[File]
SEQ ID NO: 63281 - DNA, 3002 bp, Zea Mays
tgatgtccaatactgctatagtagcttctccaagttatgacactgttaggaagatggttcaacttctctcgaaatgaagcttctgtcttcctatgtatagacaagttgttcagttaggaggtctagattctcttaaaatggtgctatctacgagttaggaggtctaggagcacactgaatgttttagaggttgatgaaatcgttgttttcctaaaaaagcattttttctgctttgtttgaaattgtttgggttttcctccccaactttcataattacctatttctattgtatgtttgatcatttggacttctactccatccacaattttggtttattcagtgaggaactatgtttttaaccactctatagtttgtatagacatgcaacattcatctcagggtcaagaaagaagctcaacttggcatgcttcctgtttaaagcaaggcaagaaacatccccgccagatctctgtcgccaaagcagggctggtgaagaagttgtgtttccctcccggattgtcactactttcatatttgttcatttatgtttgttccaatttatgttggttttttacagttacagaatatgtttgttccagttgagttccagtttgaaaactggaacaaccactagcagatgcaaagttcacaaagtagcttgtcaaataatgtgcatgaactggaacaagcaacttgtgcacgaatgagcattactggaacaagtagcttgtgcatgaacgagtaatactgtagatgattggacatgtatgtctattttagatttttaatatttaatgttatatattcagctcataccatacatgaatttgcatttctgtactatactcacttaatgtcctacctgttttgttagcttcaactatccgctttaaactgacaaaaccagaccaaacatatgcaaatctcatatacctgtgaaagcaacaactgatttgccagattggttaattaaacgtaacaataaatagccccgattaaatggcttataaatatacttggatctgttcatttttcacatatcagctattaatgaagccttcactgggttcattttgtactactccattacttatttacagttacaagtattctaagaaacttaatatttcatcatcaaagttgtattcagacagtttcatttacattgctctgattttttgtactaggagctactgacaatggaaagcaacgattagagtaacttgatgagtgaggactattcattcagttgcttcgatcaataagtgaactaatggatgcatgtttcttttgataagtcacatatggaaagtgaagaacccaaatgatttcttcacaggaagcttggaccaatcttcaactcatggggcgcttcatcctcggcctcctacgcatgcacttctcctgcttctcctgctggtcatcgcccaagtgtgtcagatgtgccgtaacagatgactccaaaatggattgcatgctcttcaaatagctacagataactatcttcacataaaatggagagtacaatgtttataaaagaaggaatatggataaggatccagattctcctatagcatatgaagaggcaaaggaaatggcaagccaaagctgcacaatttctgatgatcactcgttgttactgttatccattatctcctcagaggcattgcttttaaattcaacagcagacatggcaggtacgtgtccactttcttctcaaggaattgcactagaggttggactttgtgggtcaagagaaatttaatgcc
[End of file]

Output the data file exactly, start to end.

SEQ ID NO: 63281 - DNA, 3002 bp, Zea Mays
tgatgtccaatactgctatagtagcttctccaagttatgacactgttaggaagatggttcaacttctctcgaaatgaagcttctgtcttcctatgtatagacaagttgttcagttaggaggtctagattctcttaaaatggtgctatctacgagttaggaggtctaggagcacactgaatgttttagaggttgatgaaatcgttgttttcctaaaaaagcattttttctgctttgtttgaaattgtttgggttttcctccccaactttcataattacctatttctattgtatgtttgatcatttggacttctactccatccacaattttggtttattcagtgaggaactatgtttttaaccactctatagtttgtatagacatgcaacattcatctcagggtcaagaaagaagctcaacttggcatgcttcctgtttaaagcaaggcaagaaacatccccgccagatctctgtcgccaaagcagggctggtgaagaagttgtgtttccctcccggattgtcactactttcatatttgttcatttatgtttgttccaatttatgttggttttttacagttacagaatatgtttgttccagttgagttccagtttgaaaactggaacaaccactagcagatgcaaagttcacaaagtagcttgtcaaataatgtgcatgaactggaacaagcaacttgtgcacgaatgagcattactggaacaagtagcttgtgcatgaacgagtaatactgtagatgattggacatgtatgtctattttagatttttaatatttaatgttatatattcagctcataccatacatgaatttgcatttctgtactatactcacttaatgtcctacctgttttgttagcttcaactatccgctttaaactgacaaaaccagaccaaacatatgcaaatctcatatacctgtgaaagcaacaactgatttgccagattggttaattaaacgtaacaataaatagccccgattaaatggcttataaatatacttggatctgttcatttttcacatatcagctattaatgaagccttcactgggttcattttgtactactccattacttatttacagttacaagtattctaagaaacttaatatttcatcatcaaagttgtattcagacagtttcatttacattgctctgattttttgtactaggagctactgacaatggaaagcaacgattagagtaacttgatgagtgaggactattcattcagttgcttcgatcaataagtgaactaatggatgcatgtttcttttgataagtcacatatggaaagtgaagaacccaaatgatttcttcacaggaagcttggaccaatcttcaactcatggggcgcttcatcctcggcctcctacgcatgcacttctcctgcttctcctgctggtcatcgcccaagtgtgtcagatgtgccgtaacagatgactccaaaatggattgcatgctcttcaaatagctacagataactatcttcacataaaatggagagtacaatgtttataaaagaaggaatatggataaggatccagattctcctatagcatatgaagaggcaaaggaaatggcaagccaaagctgcacaatttctgatgatcactcgttgttactgttatccattatctcctcagaggcattgcttttaaattcaacagcagacatggcaggtacgtgtccactttcttctcaaggaattgcactagaggttggactttgtgggtcaagagaaatttaatgcc